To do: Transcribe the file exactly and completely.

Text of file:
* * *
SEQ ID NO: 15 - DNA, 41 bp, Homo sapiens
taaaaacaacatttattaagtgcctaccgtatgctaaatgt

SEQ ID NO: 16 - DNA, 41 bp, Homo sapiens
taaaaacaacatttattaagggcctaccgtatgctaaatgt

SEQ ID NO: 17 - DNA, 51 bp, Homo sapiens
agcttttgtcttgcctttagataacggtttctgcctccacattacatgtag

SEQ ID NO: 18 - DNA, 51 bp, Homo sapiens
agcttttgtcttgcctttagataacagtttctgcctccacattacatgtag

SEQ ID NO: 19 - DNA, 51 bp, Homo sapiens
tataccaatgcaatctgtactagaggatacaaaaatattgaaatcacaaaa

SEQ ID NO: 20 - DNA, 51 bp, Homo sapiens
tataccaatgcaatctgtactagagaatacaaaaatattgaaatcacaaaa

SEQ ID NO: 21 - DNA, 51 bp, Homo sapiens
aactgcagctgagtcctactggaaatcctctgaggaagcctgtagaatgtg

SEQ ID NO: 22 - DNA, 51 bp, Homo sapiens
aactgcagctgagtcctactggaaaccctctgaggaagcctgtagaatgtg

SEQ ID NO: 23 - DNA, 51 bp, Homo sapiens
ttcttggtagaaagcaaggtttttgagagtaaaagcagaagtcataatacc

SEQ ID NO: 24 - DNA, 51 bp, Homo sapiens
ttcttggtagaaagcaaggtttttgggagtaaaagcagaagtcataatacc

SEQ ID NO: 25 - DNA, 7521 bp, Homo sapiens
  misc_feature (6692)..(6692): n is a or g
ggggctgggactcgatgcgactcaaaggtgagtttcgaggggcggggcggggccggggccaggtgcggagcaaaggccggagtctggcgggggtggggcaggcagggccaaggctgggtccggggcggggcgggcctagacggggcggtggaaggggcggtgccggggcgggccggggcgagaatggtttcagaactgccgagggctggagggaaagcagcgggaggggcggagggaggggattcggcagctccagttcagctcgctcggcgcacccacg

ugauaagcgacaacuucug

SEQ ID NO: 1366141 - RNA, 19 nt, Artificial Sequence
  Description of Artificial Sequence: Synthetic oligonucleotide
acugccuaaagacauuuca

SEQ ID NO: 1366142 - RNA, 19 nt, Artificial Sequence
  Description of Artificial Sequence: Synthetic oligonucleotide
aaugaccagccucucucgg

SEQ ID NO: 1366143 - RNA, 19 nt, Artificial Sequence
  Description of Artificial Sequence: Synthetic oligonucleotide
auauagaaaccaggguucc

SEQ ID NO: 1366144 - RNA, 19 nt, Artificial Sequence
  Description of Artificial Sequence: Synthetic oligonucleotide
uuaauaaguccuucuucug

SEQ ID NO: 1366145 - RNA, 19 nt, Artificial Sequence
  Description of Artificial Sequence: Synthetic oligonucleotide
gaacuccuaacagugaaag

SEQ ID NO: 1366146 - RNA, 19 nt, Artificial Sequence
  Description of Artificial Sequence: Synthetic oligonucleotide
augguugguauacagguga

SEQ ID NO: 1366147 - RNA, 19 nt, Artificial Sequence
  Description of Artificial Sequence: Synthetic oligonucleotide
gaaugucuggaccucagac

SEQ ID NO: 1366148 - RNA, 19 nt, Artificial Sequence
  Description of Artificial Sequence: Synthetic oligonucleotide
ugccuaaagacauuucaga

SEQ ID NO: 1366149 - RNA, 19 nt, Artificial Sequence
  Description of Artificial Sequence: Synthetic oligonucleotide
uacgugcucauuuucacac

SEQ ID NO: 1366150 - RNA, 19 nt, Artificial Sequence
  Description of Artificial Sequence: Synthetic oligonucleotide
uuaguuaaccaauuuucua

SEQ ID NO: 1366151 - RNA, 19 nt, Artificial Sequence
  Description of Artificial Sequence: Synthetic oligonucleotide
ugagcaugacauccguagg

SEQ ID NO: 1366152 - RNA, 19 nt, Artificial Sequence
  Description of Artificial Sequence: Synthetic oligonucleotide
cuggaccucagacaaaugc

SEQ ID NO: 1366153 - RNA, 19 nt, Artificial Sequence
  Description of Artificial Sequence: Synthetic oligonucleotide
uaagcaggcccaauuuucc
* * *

SEQ ID NO: 15 - DNA, 41 bp, Homo sapiens
taaaaacaacatttattaagtgcctaccgtatgctaaatgt

SEQ ID NO: 16 - DNA, 41 bp, Homo sapiens
taaaaacaacatttattaagggcctaccgtatgctaaatgt

SEQ ID NO: 17 - DNA, 51 bp, Homo sapiens
agcttttgtcttgcctttagataacggtttctgcctccacattacatgtag

SEQ ID NO: 18 - DNA, 51 bp, Homo sapiens
agcttttgtcttgcctttagataacagtttctgcctccacattacatgtag

SEQ ID NO: 19 - DNA, 51 bp, Homo sapiens
tataccaatgcaatctgtactagaggatacaaaaatattgaaatcacaaaa

SEQ ID NO: 20 - DNA, 51 bp, Homo sapiens
tataccaatgcaatctgtactagagaatacaaaaatattgaaatcacaaaa

SEQ ID NO: 21 - DNA, 51 bp, Homo sapiens
aactgcagctgagtcctactggaaatcctctgaggaagcctgtagaatgtg

SEQ ID NO: 22 - DNA, 51 bp, Homo sapiens
aactgcagctgagtcctactggaaaccctctgaggaagcctgtagaatgtg

SEQ ID NO: 23 - DNA, 51 bp, Homo sapiens
ttcttggtagaaagcaaggtttttgagagtaaaagcagaagtcataatacc

SEQ ID NO: 24 - DNA, 51 bp, Homo sapiens
ttcttggtagaaagcaaggtttttgggagtaaaagcagaagtcataatacc

SEQ ID NO: 25 - DNA, 7521 bp, Homo sapiens
  misc_feature (6692)..(6692): n is a or g
ggggctgggactcgatgcgactcaaaggtgagtttcgaggggcggggcggggccggggccaggtgcggagcaaaggccggagtctggcgggggtggggcaggcagggccaaggctgggtccggggcggggcgggcctagacggggcggtggaaggggcggtgccggggcgggccggggcgagaatggtttcagaactgccgagggctggagggaaagcagcgggaggggcggagggaggggattcggcagctccagttcagctcgctcggcgcacccacg

ugauaagcgacaacuucug

SEQ ID NO: 1366141 - RNA, 19 nt, Artificial Sequence
  Description of Artificial Sequence: Synthetic oligonucleotide
acugccuaaagacauuuca

SEQ ID NO: 1366142 - RNA, 19 nt, Artificial Sequence
  Description of Artificial Sequence: Synthetic oligonucleotide
aaugaccagccucucucgg

SEQ ID NO: 1366143 - RNA, 19 nt, Artificial Sequence
  Description of Artificial Sequence: Synthetic oligonucleotide
auauagaaaccaggguucc

SEQ ID NO: 1366144 - RNA, 19 nt, Artificial Sequence
  Description of Artificial Sequence: Synthetic oligonucleotide
uuaauaaguccuucuucug

SEQ ID NO: 1366145 - RNA, 19 nt, Artificial Sequence
  Description of Artificial Sequence: Synthetic oligonucleotide
gaacuccuaacagugaaag

SEQ ID NO: 1366146 - RNA, 19 nt, Artificial Sequence
  Description of Artificial Sequence: Synthetic oligonucleotide
augguugguauacagguga

SEQ ID NO: 1366147 - RNA, 19 nt, Artificial Sequence
  Description of Artificial Sequence: Synthetic oligonucleotide
gaaugucuggaccucagac

SEQ ID NO: 1366148 - RNA, 19 nt, Artificial Sequence
  Description of Artificial Sequence: Synthetic oligonucleotide
ugccuaaagacauuucaga

SEQ ID NO: 1366149 - RNA, 19 nt, Artificial Sequence
  Description of Artificial Sequence: Synthetic oligonucleotide
uacgugcucauuuucacac

SEQ ID NO: 1366150 - RNA, 19 nt, Artificial Sequence
  Description of Artificial Sequence: Synthetic oligonucleotide
uuaguuaaccaauuuucua

SEQ ID NO: 1366151 - RNA, 19 nt, Artificial Sequence
  Description of Artificial Sequence: Synthetic oligonucleotide
ugagcaugacauccguagg

SEQ ID NO: 1366152 - RNA, 19 nt, Artificial Sequence
  Description of Artificial Sequence: Synthetic oligonucleotide
cuggaccucagacaaaugc

SEQ ID NO: 1366153 - RNA, 19 nt, Artificial Sequence
  Description of Artificial Sequence: Synthetic oligonucleotide
uaagcaggcccaauuuucc